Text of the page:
The Court finds the foregoing arguments to be unpersuasive. The analysis set forth herein does not deprive a criminal defendant of the 90 days that Ohio law provides for the filing of an application to reopen a direct appeal. It simply declines to toll the statute of limitations under the AEDPA until such an application is actually filed. Nor, having reviewed Bronaugh, can the Court agree that the Magistrate Judge has misconstrued the Sixth Circuit's ruling.[4] For the reasons set forth more fully, supra, the Court agrees with the Magistrate Judge's observation that "Bronaugh is a rational accommodation of the general language in § 2244[and] the particularities of Ohio practice." (Doc. # 35 at 7). In addition, the Bronaugh court properly assumed that the AEDPA statute of limitations is not tolled for 90 days after the Ohio Supreme Court dismisses an appeal from the denial of a Rule 26(B) application (in order to account for the time that a defendant may seek a writ of certiorari). Although the Bronaugh court declined to decide this issue definitively, its assumption is consistent with its refusal to allow a defendant to benefit from the 90-day period that Ohio law provides to file a Rule 26(B) application in the first instance. Just as a criminal defendant cannot benefit from the 90-day period allowed to file the application, he cannot benefit from the 90-day period allowed to seek review on certiorari. Finally, based on the reasoning set forth above, the Court simply disagrees with the Petitioner's argument that a Rule 26(B) application must be treated as part of the "direct appeal process" for all purposes. This assertion is contrary to the Sixth Circuit's analysis in Bronaugh, and, as explained more fully, supra, the Magistrate Judge has identified cogent reasons for not treating a Rule 26(B) application as part of the "direct appeal process" for statute of limitations purposes.

 
II. Conclusion

Based on the reasoning and citation of authority set forth above, the Court overrules the Petitioner's Objections (Doc. 31, 37) to the Magistrate Judge's Substituted Report and Recommendations (Doc. # 28) and the Supplement to his Substituted Report and Recommendations (Doc. # 35). The Respondent's Motion to Dismiss the Petition for Writ of Habeas Corpus (Doc. # 7) is sustained.

Judgment will be entered in favor of the Respondent and against the Petitioner.

The captioned cause is hereby ordered terminated upon the docket records of the United States District Court for the Southern District of Ohio, Western Division, at Dayton.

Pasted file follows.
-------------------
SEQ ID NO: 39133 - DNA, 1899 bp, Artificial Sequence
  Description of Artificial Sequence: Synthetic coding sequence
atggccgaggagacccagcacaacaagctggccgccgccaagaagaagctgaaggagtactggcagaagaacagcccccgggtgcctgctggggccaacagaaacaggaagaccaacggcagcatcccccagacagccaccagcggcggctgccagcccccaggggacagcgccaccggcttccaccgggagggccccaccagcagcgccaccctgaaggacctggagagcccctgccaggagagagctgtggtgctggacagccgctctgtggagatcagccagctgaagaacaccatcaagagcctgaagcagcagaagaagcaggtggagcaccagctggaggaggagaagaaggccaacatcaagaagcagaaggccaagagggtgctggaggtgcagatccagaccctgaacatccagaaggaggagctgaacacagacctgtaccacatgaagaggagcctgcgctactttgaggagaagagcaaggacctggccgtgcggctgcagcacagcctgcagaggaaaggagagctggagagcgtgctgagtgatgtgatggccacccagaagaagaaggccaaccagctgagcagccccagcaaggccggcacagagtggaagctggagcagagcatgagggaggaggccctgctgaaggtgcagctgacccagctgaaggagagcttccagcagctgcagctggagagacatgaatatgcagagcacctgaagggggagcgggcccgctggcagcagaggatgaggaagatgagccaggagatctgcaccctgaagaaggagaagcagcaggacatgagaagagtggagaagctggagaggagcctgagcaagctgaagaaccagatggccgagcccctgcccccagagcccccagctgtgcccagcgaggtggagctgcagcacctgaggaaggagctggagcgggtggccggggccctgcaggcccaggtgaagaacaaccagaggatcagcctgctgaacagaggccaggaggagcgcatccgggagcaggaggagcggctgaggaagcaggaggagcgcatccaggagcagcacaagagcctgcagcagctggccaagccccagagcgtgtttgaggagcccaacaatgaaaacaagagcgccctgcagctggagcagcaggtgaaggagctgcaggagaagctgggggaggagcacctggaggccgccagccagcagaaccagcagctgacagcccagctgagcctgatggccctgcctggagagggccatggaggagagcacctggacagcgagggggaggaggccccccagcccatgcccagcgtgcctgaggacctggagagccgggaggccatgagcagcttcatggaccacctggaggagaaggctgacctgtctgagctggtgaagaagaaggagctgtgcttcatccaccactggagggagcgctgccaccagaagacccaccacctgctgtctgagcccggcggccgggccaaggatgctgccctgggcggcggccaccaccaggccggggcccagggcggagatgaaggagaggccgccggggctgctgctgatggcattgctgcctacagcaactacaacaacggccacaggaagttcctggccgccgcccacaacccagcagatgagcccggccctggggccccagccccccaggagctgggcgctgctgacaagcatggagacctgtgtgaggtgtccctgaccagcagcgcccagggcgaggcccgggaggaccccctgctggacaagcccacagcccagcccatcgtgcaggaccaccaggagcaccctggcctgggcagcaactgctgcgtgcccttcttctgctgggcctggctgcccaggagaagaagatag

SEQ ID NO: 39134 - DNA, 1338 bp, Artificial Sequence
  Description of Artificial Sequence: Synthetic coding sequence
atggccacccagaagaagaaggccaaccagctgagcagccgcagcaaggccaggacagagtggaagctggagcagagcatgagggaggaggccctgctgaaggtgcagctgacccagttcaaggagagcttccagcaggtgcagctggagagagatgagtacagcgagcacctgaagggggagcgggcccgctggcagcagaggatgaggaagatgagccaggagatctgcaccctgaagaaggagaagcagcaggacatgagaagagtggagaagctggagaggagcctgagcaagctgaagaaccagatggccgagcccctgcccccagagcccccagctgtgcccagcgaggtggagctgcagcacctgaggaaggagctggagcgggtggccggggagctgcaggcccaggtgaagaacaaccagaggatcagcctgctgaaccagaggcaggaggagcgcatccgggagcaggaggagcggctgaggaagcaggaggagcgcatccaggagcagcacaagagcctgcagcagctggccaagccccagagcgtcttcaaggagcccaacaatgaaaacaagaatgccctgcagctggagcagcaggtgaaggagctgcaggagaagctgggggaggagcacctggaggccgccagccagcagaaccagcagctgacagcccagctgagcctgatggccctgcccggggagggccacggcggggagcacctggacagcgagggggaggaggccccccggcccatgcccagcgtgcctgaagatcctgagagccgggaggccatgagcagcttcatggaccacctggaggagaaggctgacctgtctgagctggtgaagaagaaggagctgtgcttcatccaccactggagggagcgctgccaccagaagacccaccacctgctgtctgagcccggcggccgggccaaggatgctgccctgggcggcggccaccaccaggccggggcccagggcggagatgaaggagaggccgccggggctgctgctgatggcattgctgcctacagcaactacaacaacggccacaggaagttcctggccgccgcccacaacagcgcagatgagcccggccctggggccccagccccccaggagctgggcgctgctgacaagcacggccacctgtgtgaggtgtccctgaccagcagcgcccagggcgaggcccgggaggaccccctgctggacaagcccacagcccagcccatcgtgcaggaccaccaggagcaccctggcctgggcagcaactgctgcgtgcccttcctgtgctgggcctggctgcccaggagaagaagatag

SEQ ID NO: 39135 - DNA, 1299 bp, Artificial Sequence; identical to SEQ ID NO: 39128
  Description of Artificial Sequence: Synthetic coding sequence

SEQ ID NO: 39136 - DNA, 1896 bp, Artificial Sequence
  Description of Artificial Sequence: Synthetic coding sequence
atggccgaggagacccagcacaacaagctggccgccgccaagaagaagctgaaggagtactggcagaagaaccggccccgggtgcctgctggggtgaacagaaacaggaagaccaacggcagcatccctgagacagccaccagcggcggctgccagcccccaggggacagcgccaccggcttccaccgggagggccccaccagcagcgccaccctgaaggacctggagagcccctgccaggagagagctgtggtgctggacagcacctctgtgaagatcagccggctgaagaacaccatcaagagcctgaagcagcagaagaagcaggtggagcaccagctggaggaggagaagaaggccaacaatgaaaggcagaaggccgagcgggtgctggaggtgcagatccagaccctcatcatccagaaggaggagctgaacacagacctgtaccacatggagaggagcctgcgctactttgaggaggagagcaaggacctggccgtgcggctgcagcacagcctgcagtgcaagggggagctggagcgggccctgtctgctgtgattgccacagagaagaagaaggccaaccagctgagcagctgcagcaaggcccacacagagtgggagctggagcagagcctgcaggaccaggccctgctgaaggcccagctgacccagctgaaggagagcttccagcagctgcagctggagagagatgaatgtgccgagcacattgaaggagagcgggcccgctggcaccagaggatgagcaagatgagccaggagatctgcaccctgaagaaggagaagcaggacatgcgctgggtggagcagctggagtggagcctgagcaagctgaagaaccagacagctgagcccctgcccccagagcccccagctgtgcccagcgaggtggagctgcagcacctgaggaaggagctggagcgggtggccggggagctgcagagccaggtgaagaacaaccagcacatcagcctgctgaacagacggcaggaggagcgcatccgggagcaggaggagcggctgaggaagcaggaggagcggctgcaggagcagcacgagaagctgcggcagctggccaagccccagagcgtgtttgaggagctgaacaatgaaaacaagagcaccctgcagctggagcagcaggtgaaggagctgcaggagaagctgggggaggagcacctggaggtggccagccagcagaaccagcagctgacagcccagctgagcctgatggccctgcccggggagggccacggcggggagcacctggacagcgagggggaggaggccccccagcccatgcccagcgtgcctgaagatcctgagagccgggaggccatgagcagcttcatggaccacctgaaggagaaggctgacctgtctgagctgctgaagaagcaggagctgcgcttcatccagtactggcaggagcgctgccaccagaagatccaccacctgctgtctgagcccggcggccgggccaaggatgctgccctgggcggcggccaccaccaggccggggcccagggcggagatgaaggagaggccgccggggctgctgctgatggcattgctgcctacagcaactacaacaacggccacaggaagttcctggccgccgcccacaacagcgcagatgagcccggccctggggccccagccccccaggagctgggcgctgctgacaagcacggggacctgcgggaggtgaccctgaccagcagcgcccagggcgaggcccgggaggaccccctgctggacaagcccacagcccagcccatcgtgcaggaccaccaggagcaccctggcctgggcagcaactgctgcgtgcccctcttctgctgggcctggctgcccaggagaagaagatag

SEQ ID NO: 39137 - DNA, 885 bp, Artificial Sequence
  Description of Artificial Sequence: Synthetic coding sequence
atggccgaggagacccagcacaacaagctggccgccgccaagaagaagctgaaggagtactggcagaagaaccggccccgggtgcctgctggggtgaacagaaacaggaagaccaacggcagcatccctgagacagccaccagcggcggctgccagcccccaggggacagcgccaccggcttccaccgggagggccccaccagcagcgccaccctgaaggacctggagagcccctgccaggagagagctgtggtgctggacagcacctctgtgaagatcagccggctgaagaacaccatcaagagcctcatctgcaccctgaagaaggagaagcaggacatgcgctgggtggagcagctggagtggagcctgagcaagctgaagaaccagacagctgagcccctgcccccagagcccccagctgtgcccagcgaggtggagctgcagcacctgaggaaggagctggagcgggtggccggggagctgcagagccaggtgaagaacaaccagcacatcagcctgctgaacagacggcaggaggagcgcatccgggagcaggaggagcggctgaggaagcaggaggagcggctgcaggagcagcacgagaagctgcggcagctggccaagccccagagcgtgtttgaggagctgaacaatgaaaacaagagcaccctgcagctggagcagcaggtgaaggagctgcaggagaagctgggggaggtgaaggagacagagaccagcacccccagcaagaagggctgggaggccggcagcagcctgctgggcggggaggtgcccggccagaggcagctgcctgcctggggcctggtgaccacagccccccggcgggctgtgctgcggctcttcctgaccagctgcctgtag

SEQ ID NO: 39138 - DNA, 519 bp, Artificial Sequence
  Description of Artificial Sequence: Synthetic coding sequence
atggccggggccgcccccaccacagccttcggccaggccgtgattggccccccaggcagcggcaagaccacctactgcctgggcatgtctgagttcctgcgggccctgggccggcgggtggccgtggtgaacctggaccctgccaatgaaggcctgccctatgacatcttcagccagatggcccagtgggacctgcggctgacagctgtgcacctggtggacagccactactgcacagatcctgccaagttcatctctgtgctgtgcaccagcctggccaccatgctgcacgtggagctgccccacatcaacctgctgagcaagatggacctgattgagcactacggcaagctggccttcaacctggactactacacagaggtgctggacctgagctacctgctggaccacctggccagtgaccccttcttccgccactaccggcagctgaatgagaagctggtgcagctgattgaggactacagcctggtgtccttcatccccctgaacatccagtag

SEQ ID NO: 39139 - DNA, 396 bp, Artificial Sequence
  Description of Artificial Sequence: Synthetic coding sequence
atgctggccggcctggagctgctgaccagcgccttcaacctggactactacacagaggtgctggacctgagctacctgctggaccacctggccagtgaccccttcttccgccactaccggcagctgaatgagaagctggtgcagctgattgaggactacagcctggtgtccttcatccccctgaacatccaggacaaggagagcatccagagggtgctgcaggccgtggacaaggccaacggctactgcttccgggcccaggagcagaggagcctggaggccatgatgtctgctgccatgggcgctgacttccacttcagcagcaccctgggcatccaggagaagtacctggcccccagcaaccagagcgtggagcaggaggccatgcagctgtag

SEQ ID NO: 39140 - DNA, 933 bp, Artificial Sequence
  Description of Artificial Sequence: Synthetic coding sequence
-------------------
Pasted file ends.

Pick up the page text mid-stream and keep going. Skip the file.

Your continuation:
NOTES

[1] Rule 26(B) of the Ohio Rules of Appellate Procedure provides:

(B) Application for Reopening. (1) A defendant in a criminal case may apply for reopening of the appeal from the judgment of conviction and sentence, based on a claim of ineffective assistance of appellate counsel. An application for reopening shall be filed in the court of appeals where the appeal was decided within ninety days from journalization of the appellate judgment unless the appellant has shown good cause for filing at a later time.

[2] As noted above, the Ohio Court of Appeals affirmed the Petitioner's conviction on June 5, 1998. The Magistrate Judge recognized, however, that the one-year statute of limitations under the AEDPA did not begin to run until July 20, 1998, when the Petitioner's time for taking a direct appeal to the Ohio Supreme Court expired.

[3] In Bronaugh, the State of Ohio argued that the petitioner's Rule 26(B) application was not "properly filed," because it was untimely (i.e., it was filed more than 90 days after the state appellate court affirmed the petitioner's conviction). Bronaugh, 235 F.3d at 285.

[4] The Petitioner contends that the Bronaugh court did not consider tolling the statute of limitations prior to the filing of the Rule 26(B) application in that case, because the defendant-petitioner therein filed "an intervening document." (Doc. # 37 at 3). This "intervening document" was a separate motion for delayed appeal. See Bronaugh, 235 F.3d at 282. That filing appears to have been irrelevant to the Sixth Circuit's analysis. The defendant-petitioner in Bronaugh filed the motion for delayed appeal in the Ohio Supreme Court on June 19, 1996. The Ohio Supreme Court overruled the motion on July 31, 1996. As noted, supra, however, the Bronaugh court did not even start the running of the one-year statute of limitations until nearly six weeks later on September 10, 1996. Bronaugh, 235 F.3d at 286. Consequently, the "intervening document" mentioned by the Petitioner appears to have had no impact whatsoever on the Sixth Circuit's analysis.